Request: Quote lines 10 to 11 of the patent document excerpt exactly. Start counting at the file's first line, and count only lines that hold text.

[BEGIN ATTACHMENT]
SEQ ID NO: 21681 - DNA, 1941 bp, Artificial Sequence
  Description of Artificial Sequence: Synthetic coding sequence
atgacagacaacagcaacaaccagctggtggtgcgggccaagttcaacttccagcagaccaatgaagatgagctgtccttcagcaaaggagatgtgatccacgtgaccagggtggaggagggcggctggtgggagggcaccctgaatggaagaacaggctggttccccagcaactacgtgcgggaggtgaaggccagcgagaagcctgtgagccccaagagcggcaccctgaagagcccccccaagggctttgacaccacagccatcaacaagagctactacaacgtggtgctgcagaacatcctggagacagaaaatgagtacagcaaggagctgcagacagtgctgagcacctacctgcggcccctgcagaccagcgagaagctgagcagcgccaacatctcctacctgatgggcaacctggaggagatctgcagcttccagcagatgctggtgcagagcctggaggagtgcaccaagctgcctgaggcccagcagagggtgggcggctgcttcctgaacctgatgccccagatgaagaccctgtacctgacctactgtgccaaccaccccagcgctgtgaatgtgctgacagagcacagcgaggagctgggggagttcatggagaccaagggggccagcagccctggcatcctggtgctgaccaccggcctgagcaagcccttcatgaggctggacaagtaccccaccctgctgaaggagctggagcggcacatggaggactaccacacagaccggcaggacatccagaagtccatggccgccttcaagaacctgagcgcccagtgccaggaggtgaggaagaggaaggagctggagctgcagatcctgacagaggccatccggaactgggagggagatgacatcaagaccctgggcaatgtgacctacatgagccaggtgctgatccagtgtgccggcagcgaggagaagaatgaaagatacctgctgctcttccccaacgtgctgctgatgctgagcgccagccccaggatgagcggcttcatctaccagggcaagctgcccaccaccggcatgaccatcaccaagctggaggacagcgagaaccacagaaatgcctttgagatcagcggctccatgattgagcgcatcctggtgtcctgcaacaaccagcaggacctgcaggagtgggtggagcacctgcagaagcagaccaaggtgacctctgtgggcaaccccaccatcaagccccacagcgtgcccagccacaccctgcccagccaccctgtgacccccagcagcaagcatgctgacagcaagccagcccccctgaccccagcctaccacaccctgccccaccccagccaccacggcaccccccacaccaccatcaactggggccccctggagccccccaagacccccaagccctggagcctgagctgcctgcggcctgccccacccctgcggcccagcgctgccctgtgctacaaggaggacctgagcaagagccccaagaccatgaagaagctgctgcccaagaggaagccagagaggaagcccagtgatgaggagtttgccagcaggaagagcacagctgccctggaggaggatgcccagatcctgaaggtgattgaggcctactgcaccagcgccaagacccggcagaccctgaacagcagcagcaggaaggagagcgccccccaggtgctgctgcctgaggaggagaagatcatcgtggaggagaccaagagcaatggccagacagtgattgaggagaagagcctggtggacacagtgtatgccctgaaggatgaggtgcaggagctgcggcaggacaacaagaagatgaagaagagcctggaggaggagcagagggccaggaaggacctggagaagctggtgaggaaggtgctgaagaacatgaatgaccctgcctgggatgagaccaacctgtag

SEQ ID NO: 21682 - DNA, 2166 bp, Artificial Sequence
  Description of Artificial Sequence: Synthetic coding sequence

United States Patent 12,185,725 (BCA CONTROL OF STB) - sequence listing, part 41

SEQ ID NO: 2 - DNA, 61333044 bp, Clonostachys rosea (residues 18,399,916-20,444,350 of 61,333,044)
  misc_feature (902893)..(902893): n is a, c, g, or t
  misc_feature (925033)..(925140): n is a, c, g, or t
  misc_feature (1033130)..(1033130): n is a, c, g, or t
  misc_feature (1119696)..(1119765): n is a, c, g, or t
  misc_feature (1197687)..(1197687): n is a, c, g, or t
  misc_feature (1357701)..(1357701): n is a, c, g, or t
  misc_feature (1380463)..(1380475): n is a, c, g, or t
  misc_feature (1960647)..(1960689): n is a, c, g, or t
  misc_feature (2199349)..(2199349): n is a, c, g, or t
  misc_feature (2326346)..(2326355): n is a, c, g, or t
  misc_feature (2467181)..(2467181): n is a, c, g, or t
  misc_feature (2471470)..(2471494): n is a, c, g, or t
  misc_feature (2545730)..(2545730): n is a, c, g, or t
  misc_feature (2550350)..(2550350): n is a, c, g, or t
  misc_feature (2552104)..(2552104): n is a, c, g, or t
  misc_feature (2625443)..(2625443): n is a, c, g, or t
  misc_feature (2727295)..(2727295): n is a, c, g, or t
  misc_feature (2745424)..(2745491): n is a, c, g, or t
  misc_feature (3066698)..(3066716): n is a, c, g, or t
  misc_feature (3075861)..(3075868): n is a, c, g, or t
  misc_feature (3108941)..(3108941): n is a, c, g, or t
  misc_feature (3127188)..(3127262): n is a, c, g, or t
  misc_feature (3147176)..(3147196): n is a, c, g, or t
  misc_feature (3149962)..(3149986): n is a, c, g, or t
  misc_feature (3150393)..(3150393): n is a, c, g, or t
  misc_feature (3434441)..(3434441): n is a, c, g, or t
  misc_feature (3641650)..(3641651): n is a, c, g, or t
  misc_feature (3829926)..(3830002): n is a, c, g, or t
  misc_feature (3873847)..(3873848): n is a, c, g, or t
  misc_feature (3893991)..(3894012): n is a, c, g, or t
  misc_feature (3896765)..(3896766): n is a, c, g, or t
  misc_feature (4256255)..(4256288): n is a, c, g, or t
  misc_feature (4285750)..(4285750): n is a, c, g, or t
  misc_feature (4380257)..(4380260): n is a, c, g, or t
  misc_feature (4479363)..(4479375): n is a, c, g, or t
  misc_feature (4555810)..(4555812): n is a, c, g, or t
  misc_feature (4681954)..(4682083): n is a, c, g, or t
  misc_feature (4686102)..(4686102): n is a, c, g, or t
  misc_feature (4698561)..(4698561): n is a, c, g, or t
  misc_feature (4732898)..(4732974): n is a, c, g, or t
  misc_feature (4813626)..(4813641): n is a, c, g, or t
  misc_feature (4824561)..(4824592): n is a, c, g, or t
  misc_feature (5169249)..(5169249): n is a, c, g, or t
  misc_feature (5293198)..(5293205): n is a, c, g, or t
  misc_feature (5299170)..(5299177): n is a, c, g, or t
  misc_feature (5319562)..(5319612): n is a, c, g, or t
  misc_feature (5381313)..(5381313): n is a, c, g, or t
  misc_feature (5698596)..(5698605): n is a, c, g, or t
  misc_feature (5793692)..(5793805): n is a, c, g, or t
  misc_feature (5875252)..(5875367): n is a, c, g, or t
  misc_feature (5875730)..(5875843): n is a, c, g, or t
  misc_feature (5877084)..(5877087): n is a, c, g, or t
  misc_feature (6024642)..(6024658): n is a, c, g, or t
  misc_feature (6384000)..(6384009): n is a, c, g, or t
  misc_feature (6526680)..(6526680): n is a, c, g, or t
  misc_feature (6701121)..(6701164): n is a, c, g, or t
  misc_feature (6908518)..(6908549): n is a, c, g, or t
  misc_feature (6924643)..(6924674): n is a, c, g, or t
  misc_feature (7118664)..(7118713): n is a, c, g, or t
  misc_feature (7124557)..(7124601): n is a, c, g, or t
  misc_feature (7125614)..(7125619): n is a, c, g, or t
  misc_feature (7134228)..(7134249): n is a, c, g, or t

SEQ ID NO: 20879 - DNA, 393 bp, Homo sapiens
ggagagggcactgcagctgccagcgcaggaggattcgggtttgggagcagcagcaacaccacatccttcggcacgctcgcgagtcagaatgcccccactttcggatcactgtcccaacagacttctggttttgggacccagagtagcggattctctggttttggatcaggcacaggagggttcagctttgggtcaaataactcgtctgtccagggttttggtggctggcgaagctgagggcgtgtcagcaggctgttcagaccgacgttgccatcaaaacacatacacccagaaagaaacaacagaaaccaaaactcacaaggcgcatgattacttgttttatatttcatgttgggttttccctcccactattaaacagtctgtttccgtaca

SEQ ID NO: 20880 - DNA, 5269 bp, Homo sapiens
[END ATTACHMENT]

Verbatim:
  misc_feature (1033130)..(1033130): n is a, c, g, or t
  misc_feature (1119696)..(1119765): n is a, c, g, or t